(A) The presence of any matter following the testator's signature, appearing on the will at the time of its execution, shall not invalidate such matter preceding the signature as appeared on the will at the time of its execution, except that such matter preceding the signature shall not be given effect, in the discretion of the surrogate, if it is so incomplete as not to be readily comprehensible without the aid of matter which follows the signature, or if to give effect to such matter preceding the signature would subvert the testator's general plan for the disposition and administration of his estate.

(B) No effect shall be given to any matter, other than the attestation clause, which follows the signature of the testator, or to any matter preceding such signature which was added subsequently to the execution of the will.

(C) Any person who signs the testator's name to the will, as provided in subparagraph

(1), shall sign his own name and affix his residence address to the will but shall not be counted as one of the necessary attesting witnesses to the will. A will lacking the signature of the person signing the testator's name shall not be given effect; pro- vided, however, the failure of the person signing the testator's name to affix his address shall not affect the validity of the will.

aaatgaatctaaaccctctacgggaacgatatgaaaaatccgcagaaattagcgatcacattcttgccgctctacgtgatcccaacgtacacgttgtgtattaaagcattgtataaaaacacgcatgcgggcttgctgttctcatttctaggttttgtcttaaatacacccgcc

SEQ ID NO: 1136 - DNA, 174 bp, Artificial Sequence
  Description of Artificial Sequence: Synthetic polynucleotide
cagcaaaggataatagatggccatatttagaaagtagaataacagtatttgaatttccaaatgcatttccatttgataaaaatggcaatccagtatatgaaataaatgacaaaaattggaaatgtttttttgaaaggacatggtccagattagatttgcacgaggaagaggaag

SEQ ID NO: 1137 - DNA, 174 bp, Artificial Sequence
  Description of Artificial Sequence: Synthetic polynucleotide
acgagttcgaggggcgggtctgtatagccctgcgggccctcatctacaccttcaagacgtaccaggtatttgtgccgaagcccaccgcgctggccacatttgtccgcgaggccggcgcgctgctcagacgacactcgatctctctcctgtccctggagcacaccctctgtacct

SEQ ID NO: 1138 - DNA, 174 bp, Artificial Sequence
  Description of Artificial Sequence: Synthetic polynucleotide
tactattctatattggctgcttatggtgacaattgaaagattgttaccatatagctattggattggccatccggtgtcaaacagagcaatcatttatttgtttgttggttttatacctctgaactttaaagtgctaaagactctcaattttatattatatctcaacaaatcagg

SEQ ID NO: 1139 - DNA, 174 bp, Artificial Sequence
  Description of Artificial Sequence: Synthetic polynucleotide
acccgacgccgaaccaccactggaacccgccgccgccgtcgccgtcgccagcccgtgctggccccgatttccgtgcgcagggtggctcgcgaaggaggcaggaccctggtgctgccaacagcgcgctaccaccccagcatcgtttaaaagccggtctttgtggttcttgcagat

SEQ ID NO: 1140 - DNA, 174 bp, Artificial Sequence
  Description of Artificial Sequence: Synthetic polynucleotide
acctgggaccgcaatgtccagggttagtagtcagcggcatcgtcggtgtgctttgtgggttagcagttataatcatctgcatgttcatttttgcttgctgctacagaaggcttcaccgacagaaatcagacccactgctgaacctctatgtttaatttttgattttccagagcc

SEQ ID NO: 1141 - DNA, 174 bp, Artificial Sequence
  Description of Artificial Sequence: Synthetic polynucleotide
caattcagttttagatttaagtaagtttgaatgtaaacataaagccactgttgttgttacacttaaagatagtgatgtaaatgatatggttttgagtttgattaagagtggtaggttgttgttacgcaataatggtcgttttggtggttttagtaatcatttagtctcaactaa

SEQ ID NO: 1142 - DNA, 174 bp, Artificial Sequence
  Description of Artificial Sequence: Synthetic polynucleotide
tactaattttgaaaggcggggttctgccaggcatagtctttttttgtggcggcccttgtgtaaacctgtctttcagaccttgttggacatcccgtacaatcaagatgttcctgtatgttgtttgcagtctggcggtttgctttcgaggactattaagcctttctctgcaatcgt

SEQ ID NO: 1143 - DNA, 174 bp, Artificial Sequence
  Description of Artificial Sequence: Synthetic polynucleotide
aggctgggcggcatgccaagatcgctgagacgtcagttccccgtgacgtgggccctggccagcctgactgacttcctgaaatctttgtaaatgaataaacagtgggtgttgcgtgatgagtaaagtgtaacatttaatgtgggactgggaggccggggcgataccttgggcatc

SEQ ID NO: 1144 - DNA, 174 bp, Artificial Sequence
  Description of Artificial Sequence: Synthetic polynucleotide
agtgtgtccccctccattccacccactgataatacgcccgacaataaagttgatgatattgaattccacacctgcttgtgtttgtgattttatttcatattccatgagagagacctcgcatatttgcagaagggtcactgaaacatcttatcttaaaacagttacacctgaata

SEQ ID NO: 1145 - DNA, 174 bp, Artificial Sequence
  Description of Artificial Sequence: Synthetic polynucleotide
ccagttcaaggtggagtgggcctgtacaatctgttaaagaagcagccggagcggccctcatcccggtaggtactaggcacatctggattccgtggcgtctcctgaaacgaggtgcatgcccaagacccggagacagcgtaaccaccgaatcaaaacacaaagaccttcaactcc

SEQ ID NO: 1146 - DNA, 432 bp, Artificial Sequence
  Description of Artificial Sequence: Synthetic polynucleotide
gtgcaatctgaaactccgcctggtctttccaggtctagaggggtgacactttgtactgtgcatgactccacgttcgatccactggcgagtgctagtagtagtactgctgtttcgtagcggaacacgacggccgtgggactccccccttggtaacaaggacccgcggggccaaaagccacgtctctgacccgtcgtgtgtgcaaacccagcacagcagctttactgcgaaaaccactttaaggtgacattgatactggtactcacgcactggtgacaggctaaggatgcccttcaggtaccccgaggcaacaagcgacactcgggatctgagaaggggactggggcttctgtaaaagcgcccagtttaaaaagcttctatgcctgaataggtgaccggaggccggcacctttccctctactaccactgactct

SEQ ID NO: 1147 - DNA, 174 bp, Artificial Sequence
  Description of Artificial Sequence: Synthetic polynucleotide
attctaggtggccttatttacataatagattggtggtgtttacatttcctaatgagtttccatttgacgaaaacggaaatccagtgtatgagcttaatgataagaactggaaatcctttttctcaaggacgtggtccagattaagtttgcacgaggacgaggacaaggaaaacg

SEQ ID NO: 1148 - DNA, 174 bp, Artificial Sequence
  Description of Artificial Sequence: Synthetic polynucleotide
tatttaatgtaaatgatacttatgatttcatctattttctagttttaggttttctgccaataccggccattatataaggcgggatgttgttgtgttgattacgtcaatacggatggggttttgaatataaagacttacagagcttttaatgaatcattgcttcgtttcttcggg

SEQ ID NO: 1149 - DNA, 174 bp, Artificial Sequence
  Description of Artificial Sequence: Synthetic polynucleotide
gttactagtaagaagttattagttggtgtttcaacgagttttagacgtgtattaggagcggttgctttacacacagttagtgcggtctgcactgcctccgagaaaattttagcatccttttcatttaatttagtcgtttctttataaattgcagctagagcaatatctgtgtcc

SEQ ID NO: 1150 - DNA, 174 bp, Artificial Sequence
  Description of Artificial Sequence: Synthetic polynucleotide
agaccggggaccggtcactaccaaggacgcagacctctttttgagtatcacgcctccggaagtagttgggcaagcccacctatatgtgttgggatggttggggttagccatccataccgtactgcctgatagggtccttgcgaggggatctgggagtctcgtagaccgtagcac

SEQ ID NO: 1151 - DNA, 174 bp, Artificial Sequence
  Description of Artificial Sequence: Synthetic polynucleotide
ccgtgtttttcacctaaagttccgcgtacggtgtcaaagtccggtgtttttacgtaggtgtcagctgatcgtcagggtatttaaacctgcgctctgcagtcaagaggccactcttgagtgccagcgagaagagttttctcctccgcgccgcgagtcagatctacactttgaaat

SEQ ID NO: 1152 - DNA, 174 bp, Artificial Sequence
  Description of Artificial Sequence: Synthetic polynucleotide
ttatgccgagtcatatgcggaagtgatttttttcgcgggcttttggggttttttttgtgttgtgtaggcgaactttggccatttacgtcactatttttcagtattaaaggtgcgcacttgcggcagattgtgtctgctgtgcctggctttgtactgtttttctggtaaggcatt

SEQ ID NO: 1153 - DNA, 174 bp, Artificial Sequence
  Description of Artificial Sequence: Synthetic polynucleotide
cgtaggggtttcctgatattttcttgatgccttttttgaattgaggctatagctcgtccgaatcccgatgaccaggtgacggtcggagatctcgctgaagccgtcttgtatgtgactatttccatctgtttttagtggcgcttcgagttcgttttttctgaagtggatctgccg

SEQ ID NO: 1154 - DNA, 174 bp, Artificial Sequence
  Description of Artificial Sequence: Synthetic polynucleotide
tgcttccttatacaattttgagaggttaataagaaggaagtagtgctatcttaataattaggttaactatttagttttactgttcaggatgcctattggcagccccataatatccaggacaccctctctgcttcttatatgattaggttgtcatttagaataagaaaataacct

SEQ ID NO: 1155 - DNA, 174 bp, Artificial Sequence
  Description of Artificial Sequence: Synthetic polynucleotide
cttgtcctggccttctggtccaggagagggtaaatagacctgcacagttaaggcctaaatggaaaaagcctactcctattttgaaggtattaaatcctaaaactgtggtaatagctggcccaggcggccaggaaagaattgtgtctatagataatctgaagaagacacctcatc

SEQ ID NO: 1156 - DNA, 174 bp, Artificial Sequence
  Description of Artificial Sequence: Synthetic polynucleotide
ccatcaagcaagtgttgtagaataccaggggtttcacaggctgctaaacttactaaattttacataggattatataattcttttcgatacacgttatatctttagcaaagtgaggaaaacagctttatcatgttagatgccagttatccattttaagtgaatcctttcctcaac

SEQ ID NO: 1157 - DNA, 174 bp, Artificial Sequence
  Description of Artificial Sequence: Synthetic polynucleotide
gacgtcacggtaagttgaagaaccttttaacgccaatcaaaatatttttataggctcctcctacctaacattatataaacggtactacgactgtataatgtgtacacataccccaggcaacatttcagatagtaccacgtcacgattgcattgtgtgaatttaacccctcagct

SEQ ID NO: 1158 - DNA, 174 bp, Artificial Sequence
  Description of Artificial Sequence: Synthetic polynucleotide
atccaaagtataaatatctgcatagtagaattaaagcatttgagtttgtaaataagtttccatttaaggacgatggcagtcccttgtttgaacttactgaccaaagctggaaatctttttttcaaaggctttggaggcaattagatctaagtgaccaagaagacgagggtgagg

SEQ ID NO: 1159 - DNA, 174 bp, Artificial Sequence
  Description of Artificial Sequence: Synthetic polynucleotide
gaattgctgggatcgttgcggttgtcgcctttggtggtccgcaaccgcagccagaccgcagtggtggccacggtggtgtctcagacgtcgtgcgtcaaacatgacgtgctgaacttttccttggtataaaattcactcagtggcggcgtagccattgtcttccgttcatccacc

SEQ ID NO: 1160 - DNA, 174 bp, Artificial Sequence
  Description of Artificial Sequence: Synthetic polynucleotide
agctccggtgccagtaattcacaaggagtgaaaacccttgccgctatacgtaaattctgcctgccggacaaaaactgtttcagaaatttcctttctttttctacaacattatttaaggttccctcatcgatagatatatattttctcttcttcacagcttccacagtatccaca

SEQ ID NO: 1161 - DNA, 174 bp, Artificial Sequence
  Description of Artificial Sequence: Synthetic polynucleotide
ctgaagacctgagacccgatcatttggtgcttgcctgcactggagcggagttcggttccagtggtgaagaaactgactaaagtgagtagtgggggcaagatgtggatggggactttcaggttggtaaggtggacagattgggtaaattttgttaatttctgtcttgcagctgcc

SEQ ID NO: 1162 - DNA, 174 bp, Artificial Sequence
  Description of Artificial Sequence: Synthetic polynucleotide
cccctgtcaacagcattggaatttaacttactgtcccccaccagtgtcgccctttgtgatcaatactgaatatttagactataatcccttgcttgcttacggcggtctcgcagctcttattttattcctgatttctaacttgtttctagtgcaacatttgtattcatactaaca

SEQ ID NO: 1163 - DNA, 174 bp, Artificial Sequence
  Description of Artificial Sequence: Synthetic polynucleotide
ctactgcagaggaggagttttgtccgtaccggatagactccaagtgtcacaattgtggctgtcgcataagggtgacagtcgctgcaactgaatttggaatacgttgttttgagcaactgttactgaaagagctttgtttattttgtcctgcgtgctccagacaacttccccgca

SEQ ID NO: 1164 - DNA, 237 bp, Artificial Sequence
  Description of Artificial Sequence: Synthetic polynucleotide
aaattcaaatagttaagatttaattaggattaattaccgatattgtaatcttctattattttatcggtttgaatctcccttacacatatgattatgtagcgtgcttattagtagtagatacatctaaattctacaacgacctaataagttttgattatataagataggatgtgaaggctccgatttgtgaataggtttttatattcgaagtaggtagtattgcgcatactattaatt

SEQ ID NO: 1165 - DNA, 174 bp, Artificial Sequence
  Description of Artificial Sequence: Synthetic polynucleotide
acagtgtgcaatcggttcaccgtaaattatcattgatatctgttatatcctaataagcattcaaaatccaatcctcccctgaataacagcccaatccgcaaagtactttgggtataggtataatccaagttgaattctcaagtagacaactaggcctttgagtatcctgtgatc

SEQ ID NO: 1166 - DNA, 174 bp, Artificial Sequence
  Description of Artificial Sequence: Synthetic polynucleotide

(2) The signature of the testator shall be affixed to the will in the presence of each of the attesting witnesses, or shall be acknowledged by the testator to each of them to have been affixed by him or by his direction. The testator may either sign in the presence of, or acknowledge his signature to each attesting witness separately.

(3) The testator shall, at some time during the ceremony or ceremonies of execution and attestation, declare to each of the attesting witnesses that the instrument to which his signature has been affixed is his will.

(4) There shall be at least two attesting witnesses, who shall, within one thirty day period, both attest the testator's signature, as affixed or acknowledged in their presence, and at the request of the testator, sign their names and affix their residence addresses at the end of the will. There shall be a rebuttable presumption that the thirty day requireme nt of the preceding sentence has been fulfilled. The failure of a witness to affix his address shall not affect the validity of the will.

(b) The procedure for the execution and attestation of wills need not be followed in the precise order set forth in paragraph (a) so long as all the requisite formalities are observed during a period of time in which, satisfactorily to the surrogate, the ceremony or ceremonies of execution and attestation continue.